Grinnell College's CS Table is a weekly gathering of folks on campus (students, faculty, staff, alums, etc.) to talk about issues relating to computer science. CS Table meets each Friday at noon in JRC 224A, the Day Public Dining Room (PDR) in the Joe Rosenfeld '25 Center (JRC). All are welcome, although computer science students and faculty are particularly encouraged to attend.

Thursday Extra: "Parallel training"

On Thursday, October 29, Shitanshu Aggarwal 2011 and Jay Lidaka 2010 will present their summer research work, carred out under the direction of Professor Jerod Weinman.

Refreshments will be served at 4:15 p.m. in the Computer Science Commons (Noyce 3817). The talk, Parallel training: speeding up machine learning using graphical processing units, will follow at 4:30 p.m. in Noyce 3821.

CS Table, Friday, 16 October 2009: Language Humor

It's the day before break. We know that people won't be up for a deep discussion. Hence, CS Table this coming Friday, we are going to consider a classic bit of language humor: "How to Shoot Yourself in the Foot" (in your favorite programming language). Because it's a classic bit of CS humor, it has spawned many extensions and variants since its original publication in 1991. We'll work with a fairly nice extension (described below), but you can also search for other versions.

Stepney, Susan (ed). (n.d.). How to Shoot Yourself in the Foot. Web resource at http://www-users.cs.york.ac.uk/susan/joke/foot.htm. One of the more extensive of the many variants of an article from the December 1991 issue of Developer's Insight.

Grinnell College's CS Table is a weekly gathering of folks on campus (students, faculty, staff, alums, etc.) to talk about issues relating to computer science. CS Table meets each Friday at noon in JRC 224A, the Day Public Dining Room (PDR) in the Joe Rosenfeld '25 Center (JRC). All are welcome, although computer science students and faculty are particularly encouraged to attend.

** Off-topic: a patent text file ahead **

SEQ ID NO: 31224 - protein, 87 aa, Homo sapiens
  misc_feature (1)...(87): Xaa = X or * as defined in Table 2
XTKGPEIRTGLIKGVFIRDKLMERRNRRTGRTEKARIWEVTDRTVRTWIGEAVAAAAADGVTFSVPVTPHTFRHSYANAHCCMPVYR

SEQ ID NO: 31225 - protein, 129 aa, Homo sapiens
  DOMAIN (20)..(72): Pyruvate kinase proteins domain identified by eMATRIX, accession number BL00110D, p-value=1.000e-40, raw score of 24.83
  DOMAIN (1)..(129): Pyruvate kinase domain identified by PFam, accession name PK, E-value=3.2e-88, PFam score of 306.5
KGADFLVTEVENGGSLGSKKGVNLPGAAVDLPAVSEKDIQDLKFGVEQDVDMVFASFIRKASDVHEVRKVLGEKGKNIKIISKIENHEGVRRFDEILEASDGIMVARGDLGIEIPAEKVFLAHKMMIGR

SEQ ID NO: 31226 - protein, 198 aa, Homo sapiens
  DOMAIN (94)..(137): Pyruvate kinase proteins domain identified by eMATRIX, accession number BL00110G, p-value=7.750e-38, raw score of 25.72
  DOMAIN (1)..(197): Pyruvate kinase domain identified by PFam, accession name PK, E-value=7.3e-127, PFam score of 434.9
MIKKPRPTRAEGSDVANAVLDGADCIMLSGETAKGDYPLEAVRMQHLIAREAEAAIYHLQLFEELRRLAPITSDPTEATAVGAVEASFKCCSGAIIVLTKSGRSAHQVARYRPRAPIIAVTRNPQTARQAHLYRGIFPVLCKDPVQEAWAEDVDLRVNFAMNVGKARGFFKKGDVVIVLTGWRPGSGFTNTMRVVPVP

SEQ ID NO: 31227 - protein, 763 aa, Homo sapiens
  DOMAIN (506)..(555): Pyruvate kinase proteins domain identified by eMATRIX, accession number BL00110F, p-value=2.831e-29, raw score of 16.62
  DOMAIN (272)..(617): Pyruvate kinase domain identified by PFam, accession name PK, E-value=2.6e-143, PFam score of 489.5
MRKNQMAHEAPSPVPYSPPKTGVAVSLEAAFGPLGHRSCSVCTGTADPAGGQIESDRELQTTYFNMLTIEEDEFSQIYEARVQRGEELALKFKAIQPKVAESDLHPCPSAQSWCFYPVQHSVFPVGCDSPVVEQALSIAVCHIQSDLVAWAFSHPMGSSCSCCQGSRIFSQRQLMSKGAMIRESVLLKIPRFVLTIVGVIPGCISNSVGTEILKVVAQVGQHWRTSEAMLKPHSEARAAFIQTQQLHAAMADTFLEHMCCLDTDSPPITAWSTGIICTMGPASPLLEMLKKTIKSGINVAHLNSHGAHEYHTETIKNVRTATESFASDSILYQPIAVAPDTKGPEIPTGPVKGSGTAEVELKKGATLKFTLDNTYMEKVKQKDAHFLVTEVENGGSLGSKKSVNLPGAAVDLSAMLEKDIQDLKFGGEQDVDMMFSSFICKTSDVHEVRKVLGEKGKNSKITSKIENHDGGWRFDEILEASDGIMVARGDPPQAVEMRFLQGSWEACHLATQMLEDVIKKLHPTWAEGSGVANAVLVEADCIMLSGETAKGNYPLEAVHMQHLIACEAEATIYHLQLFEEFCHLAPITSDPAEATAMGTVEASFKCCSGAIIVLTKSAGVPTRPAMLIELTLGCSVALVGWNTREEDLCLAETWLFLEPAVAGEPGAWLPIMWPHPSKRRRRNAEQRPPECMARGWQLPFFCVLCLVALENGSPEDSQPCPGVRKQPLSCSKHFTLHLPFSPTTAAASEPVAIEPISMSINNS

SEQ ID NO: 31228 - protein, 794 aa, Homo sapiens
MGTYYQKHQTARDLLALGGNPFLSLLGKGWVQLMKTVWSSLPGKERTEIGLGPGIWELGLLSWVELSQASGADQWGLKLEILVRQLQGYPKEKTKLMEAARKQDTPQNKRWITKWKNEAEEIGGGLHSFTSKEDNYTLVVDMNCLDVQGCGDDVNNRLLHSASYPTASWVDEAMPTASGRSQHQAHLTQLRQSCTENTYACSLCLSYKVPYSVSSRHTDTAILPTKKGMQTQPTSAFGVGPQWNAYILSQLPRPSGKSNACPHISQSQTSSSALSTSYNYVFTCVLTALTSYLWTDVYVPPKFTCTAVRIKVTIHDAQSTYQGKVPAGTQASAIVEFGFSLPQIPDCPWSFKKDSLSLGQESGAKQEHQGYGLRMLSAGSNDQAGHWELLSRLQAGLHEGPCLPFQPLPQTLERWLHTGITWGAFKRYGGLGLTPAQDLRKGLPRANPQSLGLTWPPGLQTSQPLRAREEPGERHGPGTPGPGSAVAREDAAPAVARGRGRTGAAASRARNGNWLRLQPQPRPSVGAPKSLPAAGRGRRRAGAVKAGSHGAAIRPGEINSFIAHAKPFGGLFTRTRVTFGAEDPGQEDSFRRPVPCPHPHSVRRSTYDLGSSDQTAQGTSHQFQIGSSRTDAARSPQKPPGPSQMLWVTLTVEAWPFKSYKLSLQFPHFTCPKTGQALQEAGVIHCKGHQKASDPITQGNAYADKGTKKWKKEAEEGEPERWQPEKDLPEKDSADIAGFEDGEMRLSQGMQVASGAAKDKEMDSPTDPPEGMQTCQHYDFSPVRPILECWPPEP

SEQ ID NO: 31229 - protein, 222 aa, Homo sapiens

"NOLS: The National Outdoor Leadership School"

On Thursday, October 15, Steven Muschler 2011 will describe his summer experience in an outdoor leadership program:

The National Outdoor Leadership School runs various wilderness education trips throughout the world. I went on a thirty-day heavy backpacking trip in the Absaroka range in Northwestern Wyoming this past June. Such a trip brought a much needed change of pace for a Grinnell College computer scientist, as it was unusual not to have access to a computer for an extended period of time. Instead my experiences dealt with cooking from scratch, not being eaten by bears, and not getting lost. I will also talk about the basics of how a GPS system works, as it was the only thing with a circuit in it that I touched for thirty days.

Refreshments will be served at 4:15 p.m. in the Computer Science Commons (Noyce 3817). The talk, NOLS: The National Outdoor Leadership School, will follow at 4:30 p.m. in Noyce 3821.

Friday Extra: "Video analytics"

At noon on Friday, October 9, Dr. Harold Trease of the Pacific Northwest National Laboratory will speak on Video analytics for indexing, summarization and searching streaming video and video archives:

Given streaming video or video archives, how does one effectively summarize, classify, and search the information contained within such a large amount of image data? In this presentation, we address these issues by describing a process for the automated generation of a table of contents and of keyword, topic-based index tables that can be used to catalogue, summarize, and search large amounts of video data. Having the ability to index and search the information contained within the videos, beyond just metadata tags, provides a mechanism to extract and identify useful content. During this presentation, we describe some of the mathematics, computer science and engineering, and applications of being able to use image and video keywords as the primary search criteria, much as Web browsers (such as Google) allow us to search text today.

Dr. Trease is a graduate of the University of Nebraska at Kearney and received his doctorate from the University of Illinois at Urbana-Champaign, in nuclear engineering. He has more than thirty years of research experience in the design, implementation, and application of high-throughput, high-performance computer software. He currently leads the P3D Code Development Project. P3D is a large-scale framework for modeling, simulation, and prediction in computational physics.

Pizza and soda will be served before the talk. Everyone is welcome to attend!

This lecture serves as this week's CS Table.